Silk Road becomes the one less travelled as China lures science talent home
Barriers to cooperation could create a more competitive, less collegiate research landscape.
27 May 2021
Chinese science is facing change. Tensions with the United States along with the COVID-19 pandemic look set to accelerate a drive towards research self-sufficiency and talent repatriation.
Since 2014, China has enjoyed a net inflow of scientific talent, reversing the trend of the previous four decades, which saw more researchers leaving than arriving, an analysis of half a million scholars at the 100 leading institutions in the Nature Index reveals.
Research carried out for Nature Index by League of Scholars, an academic data and recruitment firm in Sydney, Australia, also finds that more than 10% of academics at Chinese universities, as of March 2021, arrived from abroad in the previous three years, a proportion close to triple the global average of 3.7%. Many of these globetrotting scholars are returning Chinese citizens.
The increase in students and researchers returning to China from the West accelerated greatly in 2020, says Marijk van der Wende, professor of higher education at Utrecht University in the Netherlands.
“Many members of this diaspora are returning, often with advanced degrees and research experience,” says van der Wende, who co-edited a book on China’s higher-education globalization strategy (China and Europe on the New Silk Road: Connecting Universities Across Eurasia Oxford Univ. Press; 2020.
Van der Wende expects that this will allow China to capitalize on sustained and systematic investments in higher education and research, “even more so because it seems to be coming out of the economic consequences of the pandemic much faster than Europe”.
China’s pool of 1.12 million full-time equivalent researchers is nearly as big as the European Union’s post-Brexit (1.13 million), and exceeds that of the United States (1.10 million), according to Organisation for Economic Co-operation and Development figures for 2020.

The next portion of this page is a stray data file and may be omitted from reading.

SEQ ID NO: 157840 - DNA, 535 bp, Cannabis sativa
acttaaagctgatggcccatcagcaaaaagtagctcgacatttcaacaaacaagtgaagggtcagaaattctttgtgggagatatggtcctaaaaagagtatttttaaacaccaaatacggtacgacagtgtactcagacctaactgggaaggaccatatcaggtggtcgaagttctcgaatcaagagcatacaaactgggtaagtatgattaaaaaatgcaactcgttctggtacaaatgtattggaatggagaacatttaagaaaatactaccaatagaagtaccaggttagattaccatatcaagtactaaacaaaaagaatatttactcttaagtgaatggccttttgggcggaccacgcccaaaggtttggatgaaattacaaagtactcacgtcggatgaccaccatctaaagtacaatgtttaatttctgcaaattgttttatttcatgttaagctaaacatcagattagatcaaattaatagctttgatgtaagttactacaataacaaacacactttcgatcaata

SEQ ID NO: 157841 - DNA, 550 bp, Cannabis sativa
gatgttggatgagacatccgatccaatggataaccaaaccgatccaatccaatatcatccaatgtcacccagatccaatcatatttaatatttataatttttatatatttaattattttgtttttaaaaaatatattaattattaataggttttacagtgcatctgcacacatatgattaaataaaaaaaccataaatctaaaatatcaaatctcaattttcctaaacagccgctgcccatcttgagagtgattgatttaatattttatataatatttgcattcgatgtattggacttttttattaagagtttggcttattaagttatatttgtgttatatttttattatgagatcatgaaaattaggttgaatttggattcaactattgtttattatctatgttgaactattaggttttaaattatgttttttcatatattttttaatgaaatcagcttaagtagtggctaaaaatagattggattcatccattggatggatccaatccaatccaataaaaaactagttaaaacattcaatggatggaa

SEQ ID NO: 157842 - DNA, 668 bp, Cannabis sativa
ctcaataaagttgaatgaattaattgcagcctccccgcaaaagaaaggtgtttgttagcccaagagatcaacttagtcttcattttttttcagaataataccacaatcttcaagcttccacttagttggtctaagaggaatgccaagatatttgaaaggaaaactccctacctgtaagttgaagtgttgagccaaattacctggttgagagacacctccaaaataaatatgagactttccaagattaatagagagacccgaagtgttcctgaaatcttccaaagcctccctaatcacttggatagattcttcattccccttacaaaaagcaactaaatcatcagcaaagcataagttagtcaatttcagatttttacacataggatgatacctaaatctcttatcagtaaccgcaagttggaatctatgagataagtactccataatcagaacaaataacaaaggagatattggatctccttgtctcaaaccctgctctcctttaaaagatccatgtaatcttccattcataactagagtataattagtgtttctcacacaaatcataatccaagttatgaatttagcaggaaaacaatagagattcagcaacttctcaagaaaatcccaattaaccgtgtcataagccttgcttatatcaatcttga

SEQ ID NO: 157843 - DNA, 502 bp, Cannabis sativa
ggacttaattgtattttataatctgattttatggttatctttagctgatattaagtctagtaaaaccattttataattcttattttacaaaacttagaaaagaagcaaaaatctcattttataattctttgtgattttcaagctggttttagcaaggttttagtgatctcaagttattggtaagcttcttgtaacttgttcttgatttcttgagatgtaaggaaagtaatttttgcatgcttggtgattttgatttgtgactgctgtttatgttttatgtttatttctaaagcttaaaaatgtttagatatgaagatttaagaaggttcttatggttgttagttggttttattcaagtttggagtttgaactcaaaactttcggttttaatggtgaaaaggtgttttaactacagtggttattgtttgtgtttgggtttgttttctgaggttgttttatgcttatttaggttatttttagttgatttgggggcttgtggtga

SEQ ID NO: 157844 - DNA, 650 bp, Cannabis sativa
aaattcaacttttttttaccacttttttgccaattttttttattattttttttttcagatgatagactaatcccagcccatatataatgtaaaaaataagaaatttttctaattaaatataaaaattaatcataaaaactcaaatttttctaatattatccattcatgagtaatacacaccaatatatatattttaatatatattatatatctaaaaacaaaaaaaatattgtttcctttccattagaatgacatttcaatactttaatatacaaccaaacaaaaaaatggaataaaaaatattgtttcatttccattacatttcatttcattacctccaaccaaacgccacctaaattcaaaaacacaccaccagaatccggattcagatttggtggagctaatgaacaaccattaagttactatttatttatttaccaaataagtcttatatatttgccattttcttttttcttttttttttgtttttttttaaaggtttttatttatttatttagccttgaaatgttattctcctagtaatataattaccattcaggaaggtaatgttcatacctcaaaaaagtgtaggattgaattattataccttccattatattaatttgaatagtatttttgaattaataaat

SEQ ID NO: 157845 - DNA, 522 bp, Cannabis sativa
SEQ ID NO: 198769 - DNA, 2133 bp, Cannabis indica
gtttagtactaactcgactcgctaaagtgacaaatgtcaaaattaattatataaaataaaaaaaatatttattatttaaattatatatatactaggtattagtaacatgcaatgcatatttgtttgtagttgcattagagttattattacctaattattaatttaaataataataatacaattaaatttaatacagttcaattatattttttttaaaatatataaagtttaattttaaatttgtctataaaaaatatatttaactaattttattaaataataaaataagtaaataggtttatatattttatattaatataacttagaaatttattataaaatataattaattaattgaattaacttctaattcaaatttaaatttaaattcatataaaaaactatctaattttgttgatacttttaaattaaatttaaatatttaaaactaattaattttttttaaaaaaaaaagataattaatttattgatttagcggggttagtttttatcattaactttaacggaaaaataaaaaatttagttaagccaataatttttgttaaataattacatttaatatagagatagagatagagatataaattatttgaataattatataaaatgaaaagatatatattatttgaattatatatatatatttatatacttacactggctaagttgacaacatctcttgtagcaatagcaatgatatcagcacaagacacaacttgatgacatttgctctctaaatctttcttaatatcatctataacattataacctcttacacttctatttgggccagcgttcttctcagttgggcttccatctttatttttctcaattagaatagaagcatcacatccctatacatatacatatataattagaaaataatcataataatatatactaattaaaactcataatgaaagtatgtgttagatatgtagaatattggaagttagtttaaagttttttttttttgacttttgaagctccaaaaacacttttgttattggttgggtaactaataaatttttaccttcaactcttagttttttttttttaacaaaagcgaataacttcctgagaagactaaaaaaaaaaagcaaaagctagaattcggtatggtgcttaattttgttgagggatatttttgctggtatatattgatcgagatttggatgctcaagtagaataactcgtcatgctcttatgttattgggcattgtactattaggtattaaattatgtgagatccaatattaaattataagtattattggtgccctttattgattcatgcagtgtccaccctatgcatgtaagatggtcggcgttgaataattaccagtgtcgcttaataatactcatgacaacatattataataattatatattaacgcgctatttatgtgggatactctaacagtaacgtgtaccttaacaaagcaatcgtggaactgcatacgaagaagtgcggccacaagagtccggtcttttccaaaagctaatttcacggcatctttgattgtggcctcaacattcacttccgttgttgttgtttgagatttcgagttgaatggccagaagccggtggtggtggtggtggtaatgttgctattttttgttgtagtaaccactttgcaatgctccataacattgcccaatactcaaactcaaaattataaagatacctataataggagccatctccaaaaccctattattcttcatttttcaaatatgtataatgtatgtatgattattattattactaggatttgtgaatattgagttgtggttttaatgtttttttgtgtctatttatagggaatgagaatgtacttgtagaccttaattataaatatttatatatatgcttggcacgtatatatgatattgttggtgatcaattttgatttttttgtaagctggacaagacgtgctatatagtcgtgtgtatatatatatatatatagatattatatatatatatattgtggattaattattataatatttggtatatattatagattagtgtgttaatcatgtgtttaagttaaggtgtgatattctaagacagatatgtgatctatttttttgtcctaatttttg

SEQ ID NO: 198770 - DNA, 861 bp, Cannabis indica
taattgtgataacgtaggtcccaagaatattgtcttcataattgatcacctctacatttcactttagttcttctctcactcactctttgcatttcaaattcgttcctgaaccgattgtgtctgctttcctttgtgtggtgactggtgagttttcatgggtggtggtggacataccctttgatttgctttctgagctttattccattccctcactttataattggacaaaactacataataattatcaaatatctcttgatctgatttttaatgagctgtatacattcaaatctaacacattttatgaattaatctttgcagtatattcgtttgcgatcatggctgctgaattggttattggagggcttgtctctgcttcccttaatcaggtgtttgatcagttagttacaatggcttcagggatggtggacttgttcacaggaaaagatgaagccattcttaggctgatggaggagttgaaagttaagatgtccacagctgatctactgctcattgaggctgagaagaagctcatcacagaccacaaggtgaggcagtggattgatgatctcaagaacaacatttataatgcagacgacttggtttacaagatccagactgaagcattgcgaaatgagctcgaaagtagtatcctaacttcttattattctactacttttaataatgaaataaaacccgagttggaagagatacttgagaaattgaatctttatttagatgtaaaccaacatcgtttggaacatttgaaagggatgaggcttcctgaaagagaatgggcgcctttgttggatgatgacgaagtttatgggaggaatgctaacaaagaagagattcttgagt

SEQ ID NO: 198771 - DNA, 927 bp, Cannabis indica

In Elsevier’s Scopus database, China surpassed the United States in research output in 2016. Across several fields, including nanotechnology, biotechnology and chemistry, it has more than 20% of the institutions in the top 50 for Academic Ranking of World Universities academic subjects. “China has moved, very fast, to a very strong technological and scientific power,” says van der Wende.
In the Nature Index, China has the highest Share for chemistry, and is second only to the United States in the physical sciences, life sciences, and Earth and environmental sciences. Its annual average increase in adjusted Share of 13.1% was the greatest of all leading scientific nations from 2016 to 2019, but slowed substantially in 2020 to 1.1%.
Returning scientists boost the country’s research output. On average, their rate of overall publications nearly doubled upon their return, according to a 2020 study (Z. Zhao et al. J. Informetr. 14, 101037; 2020).
“The competition in Chinese universities makes returnees work very hard to publish papers because they have to survive,” says co-author Jiang Li, a scientometrician at Nanjing University, China.
The study also found that returning Chinese researchers publish in top journals (defined as Nature, Science, Cell and Proceedings of the National Academy of Sciences) about half as often as those who remain overseas.
Li attributes this in part to pressure from China’s output-driven system, as researchers focused on quantity of output may not have the time or resources to conduct the type of detailed, lengthy experiments that could lead to a breakthrough publication.
China is making a concerted effort to attract scientific talent. Although the typical university professor earns less than US$50,000 a year, Chinese universities offer incentives such as housing allowances and childcare assistance, which make the positions highly sought-after, says Li.
But returned scientists’ valuable role in building international collaborations faces problems. Scientists in the US, Australia and Europe are currently shying away from forming partnerships with their Chinese peers for fear of becoming entangled in geopolitical tensions and, in the United States and Australia, because of onerous new regulations on the disclosure of foreign research ties.